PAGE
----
Yew Trees - Yew Tree Berries

Additionally, the yew produces a red berry called the aril from the female flowers. From the male flowers, a wood-like cone is formed.

Where Can I Find a Yew Tree?

Yews grow throughout Europe. We also find them in Morocco and Algeria. By and large, the Yew does not sustain the cold weather well. This forces the yew population to the southern parts of Europe. However, the Yew thrives in more mountainous areas. You will usually find a Yew trees growing on a steep and rocky slope.

If you are looking for Yews trees planted by humans, they are planted most commonly in churchyards and cemeteries. They not only represent death but also protect the buildings they grow beside. 

How Long Can a Yew Tree Live?

The Yew tree is difficult to age. However, scientists estimate that the average Yew can live between 400 and 600 years. Unlike many other tree species, it is impossible to count rings on a Yew. According to NPR, scientists discovered the oldest yew tree in Wales.

Moreover, it split at some point in the past to create a short, but 60 feet wide tree. Unique to the Yew, they can survive a split or fracture. This results in a tree with a much longer life span.

Can I Grow a Yew Tree?

Yew are easy to grow. Many plant them to use as hedges. However, because of their slow- growth, we do not desire them for logging or farming purposes. During the first year, you will need to water your yew sapling to ensure proper soil moisture. Young Yew are prone to fungal infections and so they need well-drained soil. They are not picky about the amount of sun they receive.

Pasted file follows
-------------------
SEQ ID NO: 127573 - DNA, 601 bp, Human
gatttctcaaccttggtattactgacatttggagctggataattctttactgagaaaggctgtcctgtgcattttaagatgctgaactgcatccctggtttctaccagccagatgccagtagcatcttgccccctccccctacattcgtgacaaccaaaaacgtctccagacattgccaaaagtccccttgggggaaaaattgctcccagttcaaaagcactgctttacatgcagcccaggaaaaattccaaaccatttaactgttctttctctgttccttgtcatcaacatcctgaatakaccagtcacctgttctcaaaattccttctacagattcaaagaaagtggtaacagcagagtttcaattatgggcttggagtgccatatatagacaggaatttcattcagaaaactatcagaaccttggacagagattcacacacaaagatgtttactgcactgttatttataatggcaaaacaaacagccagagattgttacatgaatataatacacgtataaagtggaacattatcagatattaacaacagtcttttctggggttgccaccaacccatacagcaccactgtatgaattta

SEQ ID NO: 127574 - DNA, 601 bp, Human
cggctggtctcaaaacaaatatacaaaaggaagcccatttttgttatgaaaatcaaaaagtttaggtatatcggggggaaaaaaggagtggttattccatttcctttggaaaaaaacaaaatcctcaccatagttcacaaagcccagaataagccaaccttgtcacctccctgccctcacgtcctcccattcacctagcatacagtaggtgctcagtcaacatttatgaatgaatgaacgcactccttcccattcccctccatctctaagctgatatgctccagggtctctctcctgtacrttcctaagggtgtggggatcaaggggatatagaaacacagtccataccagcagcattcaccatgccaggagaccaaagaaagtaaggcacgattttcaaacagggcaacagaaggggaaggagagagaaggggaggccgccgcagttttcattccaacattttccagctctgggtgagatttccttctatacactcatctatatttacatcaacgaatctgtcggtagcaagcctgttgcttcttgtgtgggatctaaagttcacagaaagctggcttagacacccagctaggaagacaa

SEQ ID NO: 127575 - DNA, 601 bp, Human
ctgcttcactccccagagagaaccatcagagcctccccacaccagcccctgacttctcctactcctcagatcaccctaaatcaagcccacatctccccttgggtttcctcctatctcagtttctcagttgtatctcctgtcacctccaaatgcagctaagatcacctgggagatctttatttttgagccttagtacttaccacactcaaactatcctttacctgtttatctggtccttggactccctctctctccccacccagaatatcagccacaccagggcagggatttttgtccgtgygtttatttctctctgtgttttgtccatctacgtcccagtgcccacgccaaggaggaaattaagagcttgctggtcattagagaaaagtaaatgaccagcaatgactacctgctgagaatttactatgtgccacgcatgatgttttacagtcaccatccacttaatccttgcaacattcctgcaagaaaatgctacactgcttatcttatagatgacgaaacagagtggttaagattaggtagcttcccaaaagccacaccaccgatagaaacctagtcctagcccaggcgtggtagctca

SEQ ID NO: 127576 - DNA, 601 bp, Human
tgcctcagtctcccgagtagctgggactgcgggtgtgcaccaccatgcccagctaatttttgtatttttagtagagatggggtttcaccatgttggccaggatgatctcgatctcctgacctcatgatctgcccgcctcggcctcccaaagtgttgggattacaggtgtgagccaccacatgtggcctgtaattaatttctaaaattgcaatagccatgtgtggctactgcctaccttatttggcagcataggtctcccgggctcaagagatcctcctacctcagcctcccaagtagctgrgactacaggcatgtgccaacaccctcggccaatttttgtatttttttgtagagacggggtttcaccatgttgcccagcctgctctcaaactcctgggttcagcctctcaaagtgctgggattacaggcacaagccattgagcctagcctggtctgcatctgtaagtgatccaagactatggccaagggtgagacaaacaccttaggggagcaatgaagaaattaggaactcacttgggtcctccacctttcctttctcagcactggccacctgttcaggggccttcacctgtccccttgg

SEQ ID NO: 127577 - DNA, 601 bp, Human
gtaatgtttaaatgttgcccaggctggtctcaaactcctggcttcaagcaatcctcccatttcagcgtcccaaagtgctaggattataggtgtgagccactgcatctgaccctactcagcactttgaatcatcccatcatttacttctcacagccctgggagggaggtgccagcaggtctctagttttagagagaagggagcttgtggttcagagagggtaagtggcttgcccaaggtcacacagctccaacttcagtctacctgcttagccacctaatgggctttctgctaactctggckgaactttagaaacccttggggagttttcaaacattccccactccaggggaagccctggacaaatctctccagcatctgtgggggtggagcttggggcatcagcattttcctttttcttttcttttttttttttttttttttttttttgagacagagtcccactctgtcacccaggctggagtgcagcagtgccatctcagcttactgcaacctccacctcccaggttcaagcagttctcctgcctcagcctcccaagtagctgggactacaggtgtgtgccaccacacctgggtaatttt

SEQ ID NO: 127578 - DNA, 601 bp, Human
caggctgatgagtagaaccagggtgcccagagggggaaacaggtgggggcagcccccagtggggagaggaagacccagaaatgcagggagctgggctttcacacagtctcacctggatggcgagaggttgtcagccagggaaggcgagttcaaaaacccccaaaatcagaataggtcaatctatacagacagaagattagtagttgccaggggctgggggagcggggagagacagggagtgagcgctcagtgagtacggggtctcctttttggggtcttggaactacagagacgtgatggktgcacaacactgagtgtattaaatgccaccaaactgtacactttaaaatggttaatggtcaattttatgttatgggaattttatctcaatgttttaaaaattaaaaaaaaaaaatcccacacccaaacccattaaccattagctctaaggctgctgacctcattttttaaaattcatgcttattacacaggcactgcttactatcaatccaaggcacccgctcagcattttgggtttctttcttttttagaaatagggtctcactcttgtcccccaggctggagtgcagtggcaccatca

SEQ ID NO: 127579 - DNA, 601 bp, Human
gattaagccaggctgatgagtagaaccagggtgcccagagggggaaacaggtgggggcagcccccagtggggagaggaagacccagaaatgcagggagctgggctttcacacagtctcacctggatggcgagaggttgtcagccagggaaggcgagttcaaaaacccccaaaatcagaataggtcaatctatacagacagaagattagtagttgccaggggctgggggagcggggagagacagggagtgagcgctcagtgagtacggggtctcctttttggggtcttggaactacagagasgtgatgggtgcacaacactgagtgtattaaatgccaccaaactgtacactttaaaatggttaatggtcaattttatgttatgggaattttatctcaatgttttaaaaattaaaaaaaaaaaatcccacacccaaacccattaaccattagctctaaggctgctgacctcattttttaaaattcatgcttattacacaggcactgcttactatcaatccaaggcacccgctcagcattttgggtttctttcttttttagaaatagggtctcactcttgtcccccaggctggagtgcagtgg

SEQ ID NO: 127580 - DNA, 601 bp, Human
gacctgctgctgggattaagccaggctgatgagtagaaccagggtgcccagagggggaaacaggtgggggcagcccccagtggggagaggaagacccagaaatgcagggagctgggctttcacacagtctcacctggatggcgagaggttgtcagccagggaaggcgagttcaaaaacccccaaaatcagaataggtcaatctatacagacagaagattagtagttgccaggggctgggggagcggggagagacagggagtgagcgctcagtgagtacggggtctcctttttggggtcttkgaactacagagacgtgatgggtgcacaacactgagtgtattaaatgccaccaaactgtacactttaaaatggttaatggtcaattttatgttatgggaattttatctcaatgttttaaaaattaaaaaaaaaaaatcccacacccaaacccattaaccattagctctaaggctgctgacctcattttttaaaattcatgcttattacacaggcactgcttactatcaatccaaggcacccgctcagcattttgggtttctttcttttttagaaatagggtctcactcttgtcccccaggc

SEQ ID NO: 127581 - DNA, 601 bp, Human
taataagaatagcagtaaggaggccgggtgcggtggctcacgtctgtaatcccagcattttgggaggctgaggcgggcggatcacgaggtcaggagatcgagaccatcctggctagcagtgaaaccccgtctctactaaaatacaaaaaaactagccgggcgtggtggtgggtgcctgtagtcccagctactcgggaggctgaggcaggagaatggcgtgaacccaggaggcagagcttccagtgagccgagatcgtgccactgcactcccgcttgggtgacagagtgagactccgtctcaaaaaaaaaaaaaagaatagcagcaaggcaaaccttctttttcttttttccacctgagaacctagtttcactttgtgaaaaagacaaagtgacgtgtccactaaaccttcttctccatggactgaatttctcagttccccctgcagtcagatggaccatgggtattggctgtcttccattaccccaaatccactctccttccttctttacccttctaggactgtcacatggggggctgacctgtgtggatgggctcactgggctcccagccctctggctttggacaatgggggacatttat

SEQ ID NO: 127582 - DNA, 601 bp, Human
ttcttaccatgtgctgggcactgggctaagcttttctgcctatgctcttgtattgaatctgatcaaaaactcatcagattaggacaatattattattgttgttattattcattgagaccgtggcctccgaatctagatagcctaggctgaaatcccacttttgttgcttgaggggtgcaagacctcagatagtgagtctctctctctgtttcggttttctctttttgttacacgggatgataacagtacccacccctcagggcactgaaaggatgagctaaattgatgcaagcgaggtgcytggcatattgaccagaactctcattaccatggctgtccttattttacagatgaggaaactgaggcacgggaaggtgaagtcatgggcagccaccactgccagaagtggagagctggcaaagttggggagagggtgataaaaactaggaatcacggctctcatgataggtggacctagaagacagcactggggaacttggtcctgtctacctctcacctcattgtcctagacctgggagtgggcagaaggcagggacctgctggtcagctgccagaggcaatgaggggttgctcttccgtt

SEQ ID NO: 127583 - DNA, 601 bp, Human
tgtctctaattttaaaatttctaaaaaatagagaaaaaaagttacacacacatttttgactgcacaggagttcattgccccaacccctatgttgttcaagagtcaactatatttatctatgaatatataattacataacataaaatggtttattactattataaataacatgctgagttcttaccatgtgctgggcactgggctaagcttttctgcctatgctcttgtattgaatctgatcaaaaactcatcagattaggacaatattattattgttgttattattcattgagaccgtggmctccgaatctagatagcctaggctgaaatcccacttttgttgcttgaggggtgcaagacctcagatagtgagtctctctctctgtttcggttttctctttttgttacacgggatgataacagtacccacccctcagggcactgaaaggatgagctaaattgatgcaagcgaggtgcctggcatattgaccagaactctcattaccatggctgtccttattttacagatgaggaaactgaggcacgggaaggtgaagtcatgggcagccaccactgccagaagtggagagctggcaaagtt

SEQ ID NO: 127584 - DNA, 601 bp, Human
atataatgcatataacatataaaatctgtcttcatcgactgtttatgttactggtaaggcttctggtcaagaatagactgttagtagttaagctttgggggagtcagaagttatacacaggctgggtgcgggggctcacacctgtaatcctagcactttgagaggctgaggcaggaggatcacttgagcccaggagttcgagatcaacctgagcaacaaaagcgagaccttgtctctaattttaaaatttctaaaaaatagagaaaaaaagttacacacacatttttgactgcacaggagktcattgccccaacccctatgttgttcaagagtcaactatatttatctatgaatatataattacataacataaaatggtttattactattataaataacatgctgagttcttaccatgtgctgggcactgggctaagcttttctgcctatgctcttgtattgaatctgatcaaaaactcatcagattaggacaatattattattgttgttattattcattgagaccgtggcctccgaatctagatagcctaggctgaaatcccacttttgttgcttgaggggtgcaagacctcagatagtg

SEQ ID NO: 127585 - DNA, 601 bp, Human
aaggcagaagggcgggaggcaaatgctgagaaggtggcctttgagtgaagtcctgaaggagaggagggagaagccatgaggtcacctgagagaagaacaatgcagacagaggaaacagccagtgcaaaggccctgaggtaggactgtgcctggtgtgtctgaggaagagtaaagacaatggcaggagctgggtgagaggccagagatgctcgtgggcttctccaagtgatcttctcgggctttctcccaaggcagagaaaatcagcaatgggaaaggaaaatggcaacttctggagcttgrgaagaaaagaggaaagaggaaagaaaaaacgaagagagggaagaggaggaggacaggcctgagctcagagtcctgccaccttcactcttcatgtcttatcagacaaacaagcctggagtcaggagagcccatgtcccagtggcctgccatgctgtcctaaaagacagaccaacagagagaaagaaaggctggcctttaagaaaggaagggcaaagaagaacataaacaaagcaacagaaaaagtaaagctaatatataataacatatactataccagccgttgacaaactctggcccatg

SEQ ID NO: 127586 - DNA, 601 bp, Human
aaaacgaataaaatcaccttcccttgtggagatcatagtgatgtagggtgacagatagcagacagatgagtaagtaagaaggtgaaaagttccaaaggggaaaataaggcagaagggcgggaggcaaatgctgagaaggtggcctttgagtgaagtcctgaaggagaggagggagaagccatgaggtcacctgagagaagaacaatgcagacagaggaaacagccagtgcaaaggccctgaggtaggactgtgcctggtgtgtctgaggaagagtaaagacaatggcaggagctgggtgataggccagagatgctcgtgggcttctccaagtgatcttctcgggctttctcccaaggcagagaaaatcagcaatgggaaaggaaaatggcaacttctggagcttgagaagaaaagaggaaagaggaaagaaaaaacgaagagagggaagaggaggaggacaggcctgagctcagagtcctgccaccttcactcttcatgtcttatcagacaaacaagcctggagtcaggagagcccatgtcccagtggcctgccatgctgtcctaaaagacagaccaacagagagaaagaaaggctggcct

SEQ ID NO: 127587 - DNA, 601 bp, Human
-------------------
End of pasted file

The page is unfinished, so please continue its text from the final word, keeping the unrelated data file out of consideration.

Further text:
The Yew can thrive in full sun or full shade. Albeit a Yew grown in full shade will be weaker and thinner.

The Yew does best in mild climates, where it is not subjected to either hot or cold for long periods of time. Finally, if you are planting your Yew for ornamental purposes, it will eventually need to be pruned into the hedge shape you desire.

It is Time to BRANCH out into some fun tree facts!

  • The oldest Yew lives in Wales and is estimated to be 5000 years old.
  • Yew can survive fracture.
  • The Yew is the symbol for death and doom.

What Are Some Uses for Yew Trees?

Natural Uses

We do not use Yew or any of the components for sustenance. Consuming yew needles or seeds actually changes how the heart cells work and causes it to beat at an irregular rate. There are some animals, like the rabbit and deer, who do not seem to react to the poisonous levels of the seeds and needles. Also, birds consume the seeds and distribute them to further the Yew population.

While we cannot consume the Yew, there are some uses for the various parts of the Yew. Initially, the bark and needles were ingredients in a cancer drug. The ingredients are now developed synthetically in a lab. Though highly ill-advised, sometimes yew was used to cause an abortion. Throughout history, ancient people use the yew to treat tapeworms, urinary tract issues, and seizures.